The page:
Sunday, July 7, 2002

This is a continuation of the 73 Steps to Communion with God. The previous steps appear throughout the Archives, available to the left. This is the 60th step:

(60) To hate one's own will:

Someone who seeks to be in communion with God has to learn to subject themselves entirely to God's will. Jesus who was the Son of God still prayed in His humanity that "not his will be done but the Father's." We all have "our way" of looking at life and "our way" of doing things and the Scriptures are quite clear that "our way is not God's way."

We all suffer because we believe that happiness lies in fulfilling our will. But if we have the gift to reflect on our past, we quickly come to the realization that much of what we "will" does not bring us happiness and in fact is quite fleeting and arbitrary--changing with the wind.

To fight "our will" does not mean going off into another direction but rather facing reality. Our "will" often pulls us away from what most needs our attention. We often will to be somewhere other than where we are, to be doing something other than what needs to be done and to be with someone other than the one we are with at the present moment. These are exactly the moments when we are to "hate" our own will and seek to do the will of God.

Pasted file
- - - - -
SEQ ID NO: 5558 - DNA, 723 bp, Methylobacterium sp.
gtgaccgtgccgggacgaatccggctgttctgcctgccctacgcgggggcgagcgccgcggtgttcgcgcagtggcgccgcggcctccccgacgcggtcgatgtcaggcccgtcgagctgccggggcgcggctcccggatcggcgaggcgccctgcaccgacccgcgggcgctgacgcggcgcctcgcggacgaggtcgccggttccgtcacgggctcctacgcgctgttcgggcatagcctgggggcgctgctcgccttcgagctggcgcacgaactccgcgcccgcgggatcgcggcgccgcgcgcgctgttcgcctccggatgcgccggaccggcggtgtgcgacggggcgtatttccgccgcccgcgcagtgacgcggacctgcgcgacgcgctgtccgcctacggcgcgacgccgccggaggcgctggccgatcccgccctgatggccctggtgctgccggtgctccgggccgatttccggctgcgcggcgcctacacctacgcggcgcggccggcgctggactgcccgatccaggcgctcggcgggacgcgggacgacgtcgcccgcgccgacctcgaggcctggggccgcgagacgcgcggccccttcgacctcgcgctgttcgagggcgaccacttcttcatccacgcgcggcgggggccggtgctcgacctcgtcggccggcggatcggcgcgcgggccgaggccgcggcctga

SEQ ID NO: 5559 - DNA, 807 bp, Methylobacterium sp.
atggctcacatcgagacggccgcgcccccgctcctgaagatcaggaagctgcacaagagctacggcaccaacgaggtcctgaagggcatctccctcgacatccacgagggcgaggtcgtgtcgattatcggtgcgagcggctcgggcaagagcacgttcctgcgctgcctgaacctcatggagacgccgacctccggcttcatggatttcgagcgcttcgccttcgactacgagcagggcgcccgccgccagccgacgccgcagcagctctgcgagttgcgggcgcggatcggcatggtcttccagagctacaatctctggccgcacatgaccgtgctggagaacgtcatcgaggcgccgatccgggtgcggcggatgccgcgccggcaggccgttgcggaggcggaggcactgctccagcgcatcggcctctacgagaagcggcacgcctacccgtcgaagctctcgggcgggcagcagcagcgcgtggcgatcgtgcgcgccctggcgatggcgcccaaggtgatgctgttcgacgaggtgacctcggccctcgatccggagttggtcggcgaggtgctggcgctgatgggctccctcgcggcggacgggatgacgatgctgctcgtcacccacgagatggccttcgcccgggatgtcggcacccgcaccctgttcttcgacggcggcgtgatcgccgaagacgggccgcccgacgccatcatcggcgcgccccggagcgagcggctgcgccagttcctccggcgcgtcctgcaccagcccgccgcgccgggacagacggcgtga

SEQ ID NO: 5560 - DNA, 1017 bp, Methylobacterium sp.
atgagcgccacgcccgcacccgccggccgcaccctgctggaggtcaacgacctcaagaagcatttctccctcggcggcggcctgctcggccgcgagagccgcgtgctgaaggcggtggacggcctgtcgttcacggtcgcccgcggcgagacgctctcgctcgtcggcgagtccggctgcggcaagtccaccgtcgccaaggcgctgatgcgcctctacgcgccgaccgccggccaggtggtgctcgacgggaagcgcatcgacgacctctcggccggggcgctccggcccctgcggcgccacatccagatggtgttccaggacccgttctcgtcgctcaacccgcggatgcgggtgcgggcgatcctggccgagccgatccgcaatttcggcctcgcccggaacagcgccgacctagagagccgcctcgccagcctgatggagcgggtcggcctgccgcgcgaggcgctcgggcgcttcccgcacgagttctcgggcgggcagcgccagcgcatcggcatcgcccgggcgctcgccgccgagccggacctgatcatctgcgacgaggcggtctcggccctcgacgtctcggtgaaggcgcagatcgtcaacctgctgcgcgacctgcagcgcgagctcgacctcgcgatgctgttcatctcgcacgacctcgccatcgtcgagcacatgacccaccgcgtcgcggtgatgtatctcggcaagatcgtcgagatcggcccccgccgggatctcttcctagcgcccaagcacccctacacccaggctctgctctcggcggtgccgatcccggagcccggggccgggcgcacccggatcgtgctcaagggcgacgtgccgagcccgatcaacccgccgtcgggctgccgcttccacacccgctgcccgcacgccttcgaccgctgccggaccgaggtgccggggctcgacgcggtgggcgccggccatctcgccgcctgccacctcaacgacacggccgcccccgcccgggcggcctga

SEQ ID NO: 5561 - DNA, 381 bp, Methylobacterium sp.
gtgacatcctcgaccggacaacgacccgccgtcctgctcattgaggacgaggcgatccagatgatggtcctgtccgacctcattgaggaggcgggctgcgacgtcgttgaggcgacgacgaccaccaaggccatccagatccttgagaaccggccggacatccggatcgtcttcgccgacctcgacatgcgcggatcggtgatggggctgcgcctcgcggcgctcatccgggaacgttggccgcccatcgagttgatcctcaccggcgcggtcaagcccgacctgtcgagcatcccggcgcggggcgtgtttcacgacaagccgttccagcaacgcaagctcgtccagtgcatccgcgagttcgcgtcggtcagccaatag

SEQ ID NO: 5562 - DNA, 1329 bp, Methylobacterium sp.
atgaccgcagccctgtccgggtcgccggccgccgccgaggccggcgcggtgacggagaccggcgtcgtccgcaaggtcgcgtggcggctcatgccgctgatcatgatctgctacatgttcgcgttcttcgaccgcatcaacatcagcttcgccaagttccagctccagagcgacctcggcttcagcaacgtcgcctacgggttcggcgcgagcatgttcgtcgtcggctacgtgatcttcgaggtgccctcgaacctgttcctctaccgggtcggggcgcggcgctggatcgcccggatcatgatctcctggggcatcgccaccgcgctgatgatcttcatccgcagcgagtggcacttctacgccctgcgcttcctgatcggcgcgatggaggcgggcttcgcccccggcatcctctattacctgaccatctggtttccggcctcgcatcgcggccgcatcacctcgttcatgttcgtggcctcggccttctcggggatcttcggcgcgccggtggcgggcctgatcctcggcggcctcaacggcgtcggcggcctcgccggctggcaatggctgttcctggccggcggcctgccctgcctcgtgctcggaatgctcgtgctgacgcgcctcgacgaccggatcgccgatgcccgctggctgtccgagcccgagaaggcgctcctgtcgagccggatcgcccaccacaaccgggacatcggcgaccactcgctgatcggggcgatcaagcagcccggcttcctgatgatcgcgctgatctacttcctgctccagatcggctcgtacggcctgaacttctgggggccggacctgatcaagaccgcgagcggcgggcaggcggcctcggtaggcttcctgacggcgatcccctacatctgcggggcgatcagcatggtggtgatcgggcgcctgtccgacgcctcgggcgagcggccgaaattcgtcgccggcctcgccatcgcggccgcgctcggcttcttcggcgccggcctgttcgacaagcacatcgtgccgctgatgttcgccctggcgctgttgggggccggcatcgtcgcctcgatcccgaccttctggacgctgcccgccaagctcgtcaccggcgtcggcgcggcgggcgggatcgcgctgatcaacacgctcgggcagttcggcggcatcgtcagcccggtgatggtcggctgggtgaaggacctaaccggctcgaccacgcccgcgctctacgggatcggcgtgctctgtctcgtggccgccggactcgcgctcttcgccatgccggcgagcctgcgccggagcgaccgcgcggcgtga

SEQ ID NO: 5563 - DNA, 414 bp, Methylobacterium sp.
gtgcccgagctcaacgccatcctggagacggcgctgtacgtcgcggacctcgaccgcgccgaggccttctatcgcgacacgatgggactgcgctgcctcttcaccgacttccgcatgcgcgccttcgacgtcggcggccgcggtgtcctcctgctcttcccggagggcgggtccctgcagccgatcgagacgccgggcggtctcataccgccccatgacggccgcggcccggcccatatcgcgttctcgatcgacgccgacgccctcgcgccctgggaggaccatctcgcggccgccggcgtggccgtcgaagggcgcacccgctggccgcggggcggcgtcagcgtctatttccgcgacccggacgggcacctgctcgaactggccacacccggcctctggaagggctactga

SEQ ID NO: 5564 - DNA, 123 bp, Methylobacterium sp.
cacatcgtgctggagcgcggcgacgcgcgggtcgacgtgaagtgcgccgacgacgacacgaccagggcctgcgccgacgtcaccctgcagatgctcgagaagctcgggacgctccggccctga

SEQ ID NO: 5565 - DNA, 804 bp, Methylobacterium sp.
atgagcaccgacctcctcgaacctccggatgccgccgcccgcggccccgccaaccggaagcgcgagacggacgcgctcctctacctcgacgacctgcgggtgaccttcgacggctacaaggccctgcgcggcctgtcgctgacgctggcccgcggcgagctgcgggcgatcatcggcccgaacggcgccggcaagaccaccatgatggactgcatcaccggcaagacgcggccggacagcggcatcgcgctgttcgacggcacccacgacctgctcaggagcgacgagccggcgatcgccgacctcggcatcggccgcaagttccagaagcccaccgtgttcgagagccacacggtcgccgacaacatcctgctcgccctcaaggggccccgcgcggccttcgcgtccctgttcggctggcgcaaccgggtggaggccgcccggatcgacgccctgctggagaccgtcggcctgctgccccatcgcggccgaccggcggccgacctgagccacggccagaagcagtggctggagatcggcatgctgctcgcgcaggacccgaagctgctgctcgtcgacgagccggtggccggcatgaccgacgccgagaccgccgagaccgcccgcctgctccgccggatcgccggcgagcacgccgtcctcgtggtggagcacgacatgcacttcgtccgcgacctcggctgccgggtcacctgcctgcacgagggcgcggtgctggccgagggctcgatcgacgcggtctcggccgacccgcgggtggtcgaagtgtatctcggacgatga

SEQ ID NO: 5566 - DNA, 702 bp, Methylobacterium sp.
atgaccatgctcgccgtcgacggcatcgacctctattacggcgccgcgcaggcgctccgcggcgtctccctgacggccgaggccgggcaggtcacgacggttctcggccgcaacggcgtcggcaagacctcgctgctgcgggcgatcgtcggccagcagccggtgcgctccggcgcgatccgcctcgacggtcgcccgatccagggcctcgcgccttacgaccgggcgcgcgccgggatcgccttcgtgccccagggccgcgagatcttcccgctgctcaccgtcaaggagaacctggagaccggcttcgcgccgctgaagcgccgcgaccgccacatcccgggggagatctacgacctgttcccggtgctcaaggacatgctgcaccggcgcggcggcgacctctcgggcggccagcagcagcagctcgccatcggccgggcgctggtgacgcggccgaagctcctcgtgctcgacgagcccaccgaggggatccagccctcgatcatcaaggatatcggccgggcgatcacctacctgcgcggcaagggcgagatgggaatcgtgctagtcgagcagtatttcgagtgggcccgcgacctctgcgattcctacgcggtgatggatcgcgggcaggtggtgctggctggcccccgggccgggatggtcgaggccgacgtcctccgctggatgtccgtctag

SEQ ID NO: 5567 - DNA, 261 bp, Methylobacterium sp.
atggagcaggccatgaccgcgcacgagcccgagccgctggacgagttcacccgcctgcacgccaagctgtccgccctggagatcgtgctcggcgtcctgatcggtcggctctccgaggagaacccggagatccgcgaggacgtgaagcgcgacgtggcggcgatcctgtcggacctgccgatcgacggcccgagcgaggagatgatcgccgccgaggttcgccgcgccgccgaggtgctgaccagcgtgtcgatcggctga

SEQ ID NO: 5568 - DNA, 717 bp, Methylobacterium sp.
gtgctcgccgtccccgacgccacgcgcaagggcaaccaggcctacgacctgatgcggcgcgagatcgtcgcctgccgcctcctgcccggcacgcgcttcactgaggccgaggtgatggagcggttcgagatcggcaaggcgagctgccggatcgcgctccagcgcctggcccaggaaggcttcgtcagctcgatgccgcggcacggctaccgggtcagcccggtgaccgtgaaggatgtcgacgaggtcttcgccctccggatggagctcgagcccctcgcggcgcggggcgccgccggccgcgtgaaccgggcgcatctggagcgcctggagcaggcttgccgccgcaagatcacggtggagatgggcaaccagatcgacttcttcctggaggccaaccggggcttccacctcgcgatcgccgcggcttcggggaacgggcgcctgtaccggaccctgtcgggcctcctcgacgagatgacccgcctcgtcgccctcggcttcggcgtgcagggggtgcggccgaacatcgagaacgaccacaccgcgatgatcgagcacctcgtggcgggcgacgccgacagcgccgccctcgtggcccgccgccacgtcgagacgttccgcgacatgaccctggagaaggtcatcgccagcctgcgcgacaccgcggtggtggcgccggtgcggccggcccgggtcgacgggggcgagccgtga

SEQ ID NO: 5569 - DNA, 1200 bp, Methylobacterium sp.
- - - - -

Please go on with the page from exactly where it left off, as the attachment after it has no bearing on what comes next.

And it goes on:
God had placed us where we are right at this very moment. He has also placed us in a situation that demands our attention at this moment. The person who is before us has been placed there by God. Being attentive to all that God has placed in our midst will bring a contentment that we will never find if we are constantly seeking to flee from the cross.

Saturday, July 6, 2002

Geoff Bodine stories

From the Augusta Chronicle:Bodine looking for any respect 07/06/02
Close Up with Geoff Bodine- from Tampa Bay Online
Positive looks at everything

Back to regular blogging on Sunday. I have to finish a big project today and then I'll be free to once again provide commentary and news on events from my corner of the world.